Environmental Geochemistry and Health

, Volume 40, Issue 5, pp 1803–1815 | Cite as

Aluminum fractionation in acidic soils and river sediments in the Upper Mero basin (Galicia, NW Spain)

  • L. PalleiroEmail author
  • C. Patinha
  • M. L. Rodríguez-Blanco
  • M. M. Taboada-Castro
  • M. T. Taboada-Castro
Original Paper


This study aims to determine aluminum fractions in the fine earth of acidic soils under different land uses (forest, pasture and cultivation) and in the river bed sediments of the headwater of the Mero River in order to identify and quantify Al-bearing phases to assess Al mobility and potential bioavailability (environmental availability) in the monitoring area. Sequential extraction is used to evaluate the Al partitioning into six fractions operationally defined: soluble/exchangeable/specifically adsorbed, bound to manganese oxides, associated with amorphous compounds, aluminum bound to oxidizable organic matter, associated with crystalline iron oxides, and residual fraction (aluminum within the crystal lattices of minerals). The mean concentration of total aluminum (24.01 g kg−1) was similar for the three considered uses. The mean percentage of the aluminum fractions, both in soils and sediments, showed the following order: residual fraction ≫ amorphous compounds ≈ crystalline iron oxides > water-soluble/exchangeable/specifically adsorbed > bound to oxidizable organic matter ≈ Mn oxides. However, in the soils, the amorphous compounds and water-soluble/exchangeable/specifically adsorbed fraction showed considerable differences between some types of uses, the percentage of aluminum linked to amorphous compounds being higher in forest soils (16% of total Al) compared to other uses (mean about 8% of total Al). The highest values of water-soluble/exchangeable/specifically adsorbed Al were also found in forest soils (mean 8.6% of the total Al versus about 4% of pasture and cultivation), which is consistent with the lower pH and higher organic matter content in forest soils. Nevertheless, the potentially bioavailable fraction (sum of the first three fractions) is low, suggesting very low geoavailability of this element in both soils and sediments; hence, the possibility to affect the crops and water quality is minimal.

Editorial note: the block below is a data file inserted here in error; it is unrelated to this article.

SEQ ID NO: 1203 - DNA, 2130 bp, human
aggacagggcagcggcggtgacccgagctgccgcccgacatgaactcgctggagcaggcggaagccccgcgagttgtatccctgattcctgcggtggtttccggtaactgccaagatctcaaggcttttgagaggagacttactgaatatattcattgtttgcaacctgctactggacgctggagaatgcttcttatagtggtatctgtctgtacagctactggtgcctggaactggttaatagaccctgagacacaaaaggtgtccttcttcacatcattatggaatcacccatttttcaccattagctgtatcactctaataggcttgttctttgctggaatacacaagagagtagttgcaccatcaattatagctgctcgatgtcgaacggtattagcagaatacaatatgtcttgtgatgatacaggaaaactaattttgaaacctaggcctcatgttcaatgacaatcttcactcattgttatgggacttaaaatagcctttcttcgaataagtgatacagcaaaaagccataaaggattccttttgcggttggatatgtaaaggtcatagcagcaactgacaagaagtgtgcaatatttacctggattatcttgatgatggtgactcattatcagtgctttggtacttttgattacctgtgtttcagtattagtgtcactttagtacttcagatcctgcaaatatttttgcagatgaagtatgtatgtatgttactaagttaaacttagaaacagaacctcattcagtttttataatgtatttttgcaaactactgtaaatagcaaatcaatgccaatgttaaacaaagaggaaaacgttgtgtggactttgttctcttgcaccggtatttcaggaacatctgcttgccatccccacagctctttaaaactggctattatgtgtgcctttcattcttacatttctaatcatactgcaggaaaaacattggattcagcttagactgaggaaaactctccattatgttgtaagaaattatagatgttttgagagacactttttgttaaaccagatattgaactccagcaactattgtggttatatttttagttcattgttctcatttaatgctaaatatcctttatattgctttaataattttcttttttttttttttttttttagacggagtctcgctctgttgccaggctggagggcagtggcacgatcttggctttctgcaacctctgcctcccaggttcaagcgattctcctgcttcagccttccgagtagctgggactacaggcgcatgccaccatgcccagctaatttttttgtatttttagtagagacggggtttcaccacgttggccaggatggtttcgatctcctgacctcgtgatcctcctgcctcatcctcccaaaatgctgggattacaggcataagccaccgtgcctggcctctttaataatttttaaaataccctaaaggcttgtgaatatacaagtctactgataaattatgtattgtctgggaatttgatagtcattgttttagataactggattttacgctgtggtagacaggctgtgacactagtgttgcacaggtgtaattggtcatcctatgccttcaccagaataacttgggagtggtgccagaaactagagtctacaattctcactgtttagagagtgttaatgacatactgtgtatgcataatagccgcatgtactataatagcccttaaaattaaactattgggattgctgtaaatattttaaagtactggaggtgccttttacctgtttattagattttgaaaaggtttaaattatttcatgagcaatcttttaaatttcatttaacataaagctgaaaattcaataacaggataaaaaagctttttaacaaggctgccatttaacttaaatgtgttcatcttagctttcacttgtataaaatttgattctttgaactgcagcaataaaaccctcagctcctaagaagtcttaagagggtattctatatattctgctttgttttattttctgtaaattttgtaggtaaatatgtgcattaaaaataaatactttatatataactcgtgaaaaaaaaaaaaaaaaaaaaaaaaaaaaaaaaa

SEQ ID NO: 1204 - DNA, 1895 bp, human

Aluminum fractions Acidic soils Land use Organic matter Bed sediments 



This paper is a contribution to the Projects 10MDS103031 of the Xunta de Galicia and CGL2014-56907-R of the Programa Estatal de Investigación, Desarrollo e Innovación Orientada a los Retos de la Sociedad, which was funded by the Spanish Ministry of Economy and Competitiveness. The first author is grateful to the University of A Coruña for the scholarship grant at the University of Aveiro, Portugal. M.L. Rodríguez-Blanco has been awarded a post-doctoral research contract (Juan de la Cierva Programme), which was funded by the Spanish Ministry of Economy and Competitiveness.


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© Springer Science+Business Media Dordrecht 2017

Authors and Affiliations

  1. 1.Centre for Advanced Scientific Research (CICA), Faculty of SciencesUniversity of A CorunaA CoruñaSpain
  2. 2.GEOBIOTEC, Geosciences DepartmentAveiro UniversityAveiroPortugal

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